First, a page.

# Homework Help: Does the hydrogen atom have a spin?

1. Aug 14, 2008

### learning_phys

does the hydrogen atom have a spin?

since it has a proton (spin 1/2) and an electron (spin 1/2) then does they hydrogen atom have spin 1?

2. Aug 14, 2008

### OmegaMax

Re: hydrogen

I'm afraid it doesn't work like that. While hydrogen is indeed made of a proton and an electron it does not have a spin. The reason for this is that spin is an intrinsic property of sub atomic particles. So even though the proton and electron come together, sort of, to form an atom their intrinsic properties remain there own. On that note; remember that spin has direction associated with it i.e. if the proton were spin up + the electron spin down, then the hydrogen would have no or zero spin. See the discontinuity. If hydrogen had spin it could only have one magnitude.If you want to learn more check out the web for or wikipedia "The Standard Model".

3. Aug 14, 2008

### learning_phys

Re: hydrogen

so protons have spin 1/2, however it is no fundamental like the electron. it has quarks. do quarks contain the intrinsic properties of spin (which projects/adds up to give the proton of spin 1/2)?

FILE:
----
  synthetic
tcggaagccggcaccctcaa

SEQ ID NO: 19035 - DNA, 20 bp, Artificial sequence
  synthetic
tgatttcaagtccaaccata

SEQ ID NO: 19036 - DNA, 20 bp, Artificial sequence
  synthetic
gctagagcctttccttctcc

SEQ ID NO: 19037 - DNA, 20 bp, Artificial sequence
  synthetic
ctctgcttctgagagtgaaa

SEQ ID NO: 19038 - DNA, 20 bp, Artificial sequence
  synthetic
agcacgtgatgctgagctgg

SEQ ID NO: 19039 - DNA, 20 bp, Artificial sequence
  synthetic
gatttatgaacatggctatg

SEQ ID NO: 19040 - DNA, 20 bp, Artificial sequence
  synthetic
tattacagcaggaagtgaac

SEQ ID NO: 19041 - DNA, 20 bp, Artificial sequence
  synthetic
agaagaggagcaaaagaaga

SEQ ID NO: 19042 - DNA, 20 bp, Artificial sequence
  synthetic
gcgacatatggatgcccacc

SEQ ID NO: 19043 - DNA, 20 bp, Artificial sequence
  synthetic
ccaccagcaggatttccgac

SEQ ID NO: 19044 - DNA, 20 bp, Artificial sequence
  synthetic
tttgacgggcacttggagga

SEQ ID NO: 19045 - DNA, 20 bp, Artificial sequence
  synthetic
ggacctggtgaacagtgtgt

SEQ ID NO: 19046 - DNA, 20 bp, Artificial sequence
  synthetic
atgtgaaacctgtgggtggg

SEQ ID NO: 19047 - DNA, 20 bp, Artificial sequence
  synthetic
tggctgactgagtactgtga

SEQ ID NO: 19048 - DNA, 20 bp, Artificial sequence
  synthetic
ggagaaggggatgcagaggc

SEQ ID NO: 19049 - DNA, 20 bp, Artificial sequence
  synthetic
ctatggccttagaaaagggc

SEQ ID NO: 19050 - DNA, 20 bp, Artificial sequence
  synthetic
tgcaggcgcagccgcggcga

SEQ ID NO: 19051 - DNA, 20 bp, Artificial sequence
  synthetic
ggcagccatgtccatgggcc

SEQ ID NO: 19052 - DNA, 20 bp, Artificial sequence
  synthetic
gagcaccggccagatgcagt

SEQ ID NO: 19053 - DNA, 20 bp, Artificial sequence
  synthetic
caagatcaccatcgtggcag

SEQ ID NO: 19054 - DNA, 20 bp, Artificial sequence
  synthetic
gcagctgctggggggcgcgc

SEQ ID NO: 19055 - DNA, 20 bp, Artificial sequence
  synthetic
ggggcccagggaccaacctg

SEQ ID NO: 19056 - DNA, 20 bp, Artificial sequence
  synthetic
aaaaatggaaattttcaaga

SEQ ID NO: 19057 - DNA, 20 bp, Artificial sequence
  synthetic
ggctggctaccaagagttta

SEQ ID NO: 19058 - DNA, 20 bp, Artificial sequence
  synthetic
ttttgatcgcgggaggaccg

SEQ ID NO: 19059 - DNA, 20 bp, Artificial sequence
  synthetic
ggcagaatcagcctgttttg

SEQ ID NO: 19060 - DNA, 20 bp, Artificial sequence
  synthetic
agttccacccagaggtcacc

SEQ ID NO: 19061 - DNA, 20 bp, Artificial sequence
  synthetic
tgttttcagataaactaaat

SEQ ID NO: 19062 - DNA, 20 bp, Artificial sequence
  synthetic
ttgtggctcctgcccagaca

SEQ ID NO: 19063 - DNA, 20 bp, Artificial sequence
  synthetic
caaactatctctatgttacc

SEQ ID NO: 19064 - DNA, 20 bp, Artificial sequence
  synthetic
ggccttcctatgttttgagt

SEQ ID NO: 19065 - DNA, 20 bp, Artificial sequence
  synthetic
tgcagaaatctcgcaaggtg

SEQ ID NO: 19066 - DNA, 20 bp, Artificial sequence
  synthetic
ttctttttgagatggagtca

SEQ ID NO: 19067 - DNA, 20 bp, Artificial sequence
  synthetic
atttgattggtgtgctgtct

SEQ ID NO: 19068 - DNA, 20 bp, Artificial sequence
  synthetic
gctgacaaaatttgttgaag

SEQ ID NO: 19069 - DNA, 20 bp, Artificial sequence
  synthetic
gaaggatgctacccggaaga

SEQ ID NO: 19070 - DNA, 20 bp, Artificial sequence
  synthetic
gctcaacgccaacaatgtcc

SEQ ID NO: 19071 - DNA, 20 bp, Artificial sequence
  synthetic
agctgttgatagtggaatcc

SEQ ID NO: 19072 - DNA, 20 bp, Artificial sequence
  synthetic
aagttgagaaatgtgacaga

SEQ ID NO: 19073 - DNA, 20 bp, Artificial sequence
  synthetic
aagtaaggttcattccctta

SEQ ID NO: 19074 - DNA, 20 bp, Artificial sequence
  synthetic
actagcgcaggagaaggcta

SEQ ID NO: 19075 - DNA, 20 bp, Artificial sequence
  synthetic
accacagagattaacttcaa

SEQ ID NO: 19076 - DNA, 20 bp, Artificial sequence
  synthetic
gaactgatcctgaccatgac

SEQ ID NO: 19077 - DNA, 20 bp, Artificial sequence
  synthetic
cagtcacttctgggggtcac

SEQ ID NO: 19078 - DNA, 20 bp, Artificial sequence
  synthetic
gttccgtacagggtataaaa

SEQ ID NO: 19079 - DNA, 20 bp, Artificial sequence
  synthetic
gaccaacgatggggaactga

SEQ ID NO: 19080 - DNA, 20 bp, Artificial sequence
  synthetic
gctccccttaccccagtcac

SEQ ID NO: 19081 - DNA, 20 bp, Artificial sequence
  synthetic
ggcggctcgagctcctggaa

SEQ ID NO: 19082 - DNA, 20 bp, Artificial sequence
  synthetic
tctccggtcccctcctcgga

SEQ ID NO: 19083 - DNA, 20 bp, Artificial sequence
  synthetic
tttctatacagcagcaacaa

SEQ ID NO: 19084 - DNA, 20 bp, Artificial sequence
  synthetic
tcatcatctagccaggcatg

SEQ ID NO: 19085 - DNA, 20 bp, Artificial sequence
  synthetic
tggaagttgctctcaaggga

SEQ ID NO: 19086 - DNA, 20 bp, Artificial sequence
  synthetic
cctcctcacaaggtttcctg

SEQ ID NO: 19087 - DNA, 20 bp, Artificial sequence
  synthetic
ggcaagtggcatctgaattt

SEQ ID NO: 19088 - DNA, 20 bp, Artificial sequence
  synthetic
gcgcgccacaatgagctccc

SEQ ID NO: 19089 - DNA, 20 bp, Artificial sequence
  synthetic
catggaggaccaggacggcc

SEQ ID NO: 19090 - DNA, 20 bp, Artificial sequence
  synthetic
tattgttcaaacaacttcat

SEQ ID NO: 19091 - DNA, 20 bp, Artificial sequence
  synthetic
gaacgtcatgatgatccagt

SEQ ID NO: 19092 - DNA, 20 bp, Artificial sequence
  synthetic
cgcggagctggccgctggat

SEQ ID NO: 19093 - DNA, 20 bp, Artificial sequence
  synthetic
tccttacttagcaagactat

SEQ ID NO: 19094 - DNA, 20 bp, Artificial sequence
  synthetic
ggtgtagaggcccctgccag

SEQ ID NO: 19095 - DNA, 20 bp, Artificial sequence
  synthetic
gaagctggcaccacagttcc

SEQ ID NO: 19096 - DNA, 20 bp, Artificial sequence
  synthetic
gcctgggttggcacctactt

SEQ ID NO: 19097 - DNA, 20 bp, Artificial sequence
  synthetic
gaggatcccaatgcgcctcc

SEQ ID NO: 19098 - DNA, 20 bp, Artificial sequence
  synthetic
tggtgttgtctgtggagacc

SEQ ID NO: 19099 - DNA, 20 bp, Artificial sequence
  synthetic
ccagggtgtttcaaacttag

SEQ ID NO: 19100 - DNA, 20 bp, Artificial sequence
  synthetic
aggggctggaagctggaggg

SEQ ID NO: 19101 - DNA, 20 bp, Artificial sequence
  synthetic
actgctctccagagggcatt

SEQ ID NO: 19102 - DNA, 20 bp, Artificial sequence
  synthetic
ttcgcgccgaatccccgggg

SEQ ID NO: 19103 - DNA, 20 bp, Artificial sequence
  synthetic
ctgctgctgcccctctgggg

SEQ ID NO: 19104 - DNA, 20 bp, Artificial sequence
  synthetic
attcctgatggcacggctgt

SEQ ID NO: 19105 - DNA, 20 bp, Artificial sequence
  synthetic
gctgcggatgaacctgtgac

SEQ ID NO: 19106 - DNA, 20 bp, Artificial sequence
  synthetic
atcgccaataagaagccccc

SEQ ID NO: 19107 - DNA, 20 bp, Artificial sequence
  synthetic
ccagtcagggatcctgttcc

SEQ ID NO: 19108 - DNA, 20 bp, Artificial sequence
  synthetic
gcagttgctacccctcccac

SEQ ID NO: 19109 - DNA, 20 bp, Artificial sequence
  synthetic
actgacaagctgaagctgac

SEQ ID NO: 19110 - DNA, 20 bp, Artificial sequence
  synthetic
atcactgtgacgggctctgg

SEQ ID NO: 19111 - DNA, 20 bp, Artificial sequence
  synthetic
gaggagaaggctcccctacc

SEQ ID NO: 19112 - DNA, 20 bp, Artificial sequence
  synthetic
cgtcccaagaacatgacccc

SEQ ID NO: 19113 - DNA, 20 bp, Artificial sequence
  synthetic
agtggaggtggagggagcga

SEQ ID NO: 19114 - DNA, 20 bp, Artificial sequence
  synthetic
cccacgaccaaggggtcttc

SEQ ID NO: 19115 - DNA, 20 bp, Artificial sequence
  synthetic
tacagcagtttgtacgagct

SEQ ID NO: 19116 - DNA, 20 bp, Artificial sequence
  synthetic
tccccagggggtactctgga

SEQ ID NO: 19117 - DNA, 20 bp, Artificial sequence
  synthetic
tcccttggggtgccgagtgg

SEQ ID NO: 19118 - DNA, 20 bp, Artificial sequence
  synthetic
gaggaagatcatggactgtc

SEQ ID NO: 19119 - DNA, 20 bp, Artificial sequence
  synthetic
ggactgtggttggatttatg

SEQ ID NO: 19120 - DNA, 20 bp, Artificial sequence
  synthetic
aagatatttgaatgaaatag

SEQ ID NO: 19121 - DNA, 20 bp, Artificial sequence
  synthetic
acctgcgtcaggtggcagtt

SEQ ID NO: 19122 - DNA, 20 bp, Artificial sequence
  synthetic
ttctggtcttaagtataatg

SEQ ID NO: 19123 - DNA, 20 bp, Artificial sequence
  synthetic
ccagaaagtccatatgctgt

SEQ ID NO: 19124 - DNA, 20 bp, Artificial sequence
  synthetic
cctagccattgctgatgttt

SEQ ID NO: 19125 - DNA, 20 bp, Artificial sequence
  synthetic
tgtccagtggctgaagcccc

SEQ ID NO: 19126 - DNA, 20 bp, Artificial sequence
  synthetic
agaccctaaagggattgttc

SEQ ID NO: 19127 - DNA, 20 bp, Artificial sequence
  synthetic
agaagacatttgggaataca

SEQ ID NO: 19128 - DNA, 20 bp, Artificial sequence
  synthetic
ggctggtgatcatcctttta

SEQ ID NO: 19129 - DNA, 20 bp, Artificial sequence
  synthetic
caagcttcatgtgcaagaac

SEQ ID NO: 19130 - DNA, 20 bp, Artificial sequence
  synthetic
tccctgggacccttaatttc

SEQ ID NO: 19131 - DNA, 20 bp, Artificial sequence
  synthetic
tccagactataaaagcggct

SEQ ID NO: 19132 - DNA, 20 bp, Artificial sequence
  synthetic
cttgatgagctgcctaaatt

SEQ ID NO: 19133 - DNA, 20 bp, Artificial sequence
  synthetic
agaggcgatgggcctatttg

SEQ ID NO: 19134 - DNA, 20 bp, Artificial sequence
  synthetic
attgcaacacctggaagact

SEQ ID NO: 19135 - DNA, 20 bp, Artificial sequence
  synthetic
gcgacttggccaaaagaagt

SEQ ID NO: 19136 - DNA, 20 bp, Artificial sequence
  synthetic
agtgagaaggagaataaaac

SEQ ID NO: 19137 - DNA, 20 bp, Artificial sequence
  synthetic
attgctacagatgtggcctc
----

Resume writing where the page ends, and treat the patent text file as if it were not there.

also what about deuteron? it has spin 1 but it's the addition of the proton and neutron spins?

4. Aug 15, 2008

### OmegaMax

Re: hydrogen

Yes, everything changes when you start adding quarks, which do have spin. What essentially makes a proton different from a neutron is the charge and the spin, or more precisely the quarks that make up each. Since Quarks are the fundamental components of both protons and neutrons their spins can be added. The quarks involved in both are the flavors up and down. Up quarks have a spin of 1/2 up and a fractional charge of +2/3, while down quarks have a spin 1/2 down and a fractional charge of -1/3. A proton is formed from three quarks two up and one down, similarly a neutron is formed of two down and one up. A deuteron or for that matter any nucleon can have spin because you are just adding quarks. Also, quarks are held together by the strong force which has associated with gluon particles. If you want to learn more look up Quantum Chromodynamics or wikipedia quarks.

http://en.wikipedia.org/wiki/Image:Quark_structure_proton.svg

Last edited by a moderator: Apr 23, 2017